Ellisforde Mission Cemetery
Okanogan County, Washington
Shrine constructed to incorporate the original mission bell, which
survived two fires.
The plaque seen inside the shrine reads as follows:
"Old Okanogan Mission: In the fall of 1885, newly ordained
Fr Etienne de Rouge S.J. arrived at the small primitive cabin
left by his predecessor, Fr Urban Grassi, S.J. The cab in marked
a favorite meeting place of the Okanogan Indians, which they named
"Schall-Keesi," meaning "Bend in the River." The earliest marked
grave is dated 1880. Fr. De Rouge constructed a log chapel and
later a church and school that were completed in 1888. This was
the first school in Okanogan County. Fire destroyed the complex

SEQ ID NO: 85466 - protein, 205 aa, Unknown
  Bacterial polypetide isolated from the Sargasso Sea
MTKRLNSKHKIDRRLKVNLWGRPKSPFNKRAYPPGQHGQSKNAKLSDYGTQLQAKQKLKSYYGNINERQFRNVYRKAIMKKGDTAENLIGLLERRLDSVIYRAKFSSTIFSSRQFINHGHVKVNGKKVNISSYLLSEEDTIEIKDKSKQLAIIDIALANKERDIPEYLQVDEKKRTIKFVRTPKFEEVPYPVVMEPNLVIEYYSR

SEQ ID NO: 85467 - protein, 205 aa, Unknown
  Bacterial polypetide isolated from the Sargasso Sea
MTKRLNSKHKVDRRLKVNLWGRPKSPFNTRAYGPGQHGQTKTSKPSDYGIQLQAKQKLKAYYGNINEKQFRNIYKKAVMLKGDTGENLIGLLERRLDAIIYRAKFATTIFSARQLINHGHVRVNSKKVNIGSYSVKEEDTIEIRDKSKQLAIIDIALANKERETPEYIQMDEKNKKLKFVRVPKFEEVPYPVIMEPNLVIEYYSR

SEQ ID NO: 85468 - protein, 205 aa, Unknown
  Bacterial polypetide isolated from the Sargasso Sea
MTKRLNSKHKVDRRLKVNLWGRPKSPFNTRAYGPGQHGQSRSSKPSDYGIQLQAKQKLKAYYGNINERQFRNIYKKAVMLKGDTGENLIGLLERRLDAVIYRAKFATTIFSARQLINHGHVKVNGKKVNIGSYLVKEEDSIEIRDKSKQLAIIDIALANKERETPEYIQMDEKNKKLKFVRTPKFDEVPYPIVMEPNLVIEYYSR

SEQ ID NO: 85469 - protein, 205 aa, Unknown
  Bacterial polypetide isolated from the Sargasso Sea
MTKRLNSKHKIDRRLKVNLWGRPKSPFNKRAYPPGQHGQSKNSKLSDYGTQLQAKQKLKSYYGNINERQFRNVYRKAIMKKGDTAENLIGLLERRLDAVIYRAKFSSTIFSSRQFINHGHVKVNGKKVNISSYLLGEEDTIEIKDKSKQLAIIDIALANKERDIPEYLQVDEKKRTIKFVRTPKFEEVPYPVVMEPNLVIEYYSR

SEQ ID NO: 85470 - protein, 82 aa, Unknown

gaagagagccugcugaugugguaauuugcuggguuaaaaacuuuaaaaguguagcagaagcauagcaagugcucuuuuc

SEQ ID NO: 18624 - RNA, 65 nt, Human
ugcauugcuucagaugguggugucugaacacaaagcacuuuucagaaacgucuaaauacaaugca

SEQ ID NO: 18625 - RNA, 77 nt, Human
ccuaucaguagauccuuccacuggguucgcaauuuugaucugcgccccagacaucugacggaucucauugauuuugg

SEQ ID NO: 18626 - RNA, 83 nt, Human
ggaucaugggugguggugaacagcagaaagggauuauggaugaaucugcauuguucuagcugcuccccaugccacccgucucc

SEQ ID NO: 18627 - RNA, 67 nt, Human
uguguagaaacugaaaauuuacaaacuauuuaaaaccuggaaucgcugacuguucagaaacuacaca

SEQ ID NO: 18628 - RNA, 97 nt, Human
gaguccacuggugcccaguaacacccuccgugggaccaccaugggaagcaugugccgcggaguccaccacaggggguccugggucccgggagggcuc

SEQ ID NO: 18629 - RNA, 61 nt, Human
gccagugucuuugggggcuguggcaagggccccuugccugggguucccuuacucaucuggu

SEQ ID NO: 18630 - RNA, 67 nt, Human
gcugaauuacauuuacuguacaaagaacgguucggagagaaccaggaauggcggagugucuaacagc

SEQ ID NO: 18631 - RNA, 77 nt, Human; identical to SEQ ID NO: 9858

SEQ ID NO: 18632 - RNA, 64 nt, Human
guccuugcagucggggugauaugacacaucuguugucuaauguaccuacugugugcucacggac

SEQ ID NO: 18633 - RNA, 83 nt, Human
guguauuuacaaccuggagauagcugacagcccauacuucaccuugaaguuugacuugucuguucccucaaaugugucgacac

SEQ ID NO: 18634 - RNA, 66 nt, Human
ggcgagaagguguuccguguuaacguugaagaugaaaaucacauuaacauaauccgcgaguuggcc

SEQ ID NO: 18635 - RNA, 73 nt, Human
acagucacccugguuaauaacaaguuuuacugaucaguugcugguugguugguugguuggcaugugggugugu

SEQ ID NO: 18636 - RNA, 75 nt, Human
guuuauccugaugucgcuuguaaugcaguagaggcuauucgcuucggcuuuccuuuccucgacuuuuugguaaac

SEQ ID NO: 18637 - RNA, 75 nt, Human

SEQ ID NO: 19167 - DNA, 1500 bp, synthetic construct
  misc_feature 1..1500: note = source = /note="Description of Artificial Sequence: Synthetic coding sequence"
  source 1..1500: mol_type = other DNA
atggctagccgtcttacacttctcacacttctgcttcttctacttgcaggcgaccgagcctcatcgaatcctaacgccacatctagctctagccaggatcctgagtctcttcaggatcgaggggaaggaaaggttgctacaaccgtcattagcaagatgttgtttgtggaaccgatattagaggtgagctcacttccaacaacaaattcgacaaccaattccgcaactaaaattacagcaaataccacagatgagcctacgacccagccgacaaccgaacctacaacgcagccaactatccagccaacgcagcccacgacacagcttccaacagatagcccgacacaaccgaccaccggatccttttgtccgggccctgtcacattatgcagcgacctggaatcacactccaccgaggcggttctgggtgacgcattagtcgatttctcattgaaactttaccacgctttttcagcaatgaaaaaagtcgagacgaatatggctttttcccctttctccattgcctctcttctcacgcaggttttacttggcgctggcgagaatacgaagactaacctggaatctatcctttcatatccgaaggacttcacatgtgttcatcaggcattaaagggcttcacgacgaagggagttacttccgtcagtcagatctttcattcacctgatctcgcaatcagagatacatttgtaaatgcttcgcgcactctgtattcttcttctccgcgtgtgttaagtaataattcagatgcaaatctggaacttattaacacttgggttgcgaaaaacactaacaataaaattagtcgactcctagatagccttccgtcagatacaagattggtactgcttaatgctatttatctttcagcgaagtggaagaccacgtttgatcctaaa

in 1910. In 1913 only the church was rebuilt on the site. The
Mission Chapel served as a landmark and symbol of the Christian
faith for the Indian inhabitants of the Okanogan country. It's
spire stood as a sentry in the Okanogan Valley for more than 60
years until destroyed by fire on May 07, 1971."
To perpetuate the memory of this Indian Mission,
the heirs of this rich tradition erected the present monument.
The bell of the mission, which survived 2 fires, remains incorporated
in the shrine.
Photograph Copyright © 2003, Maggie Rail
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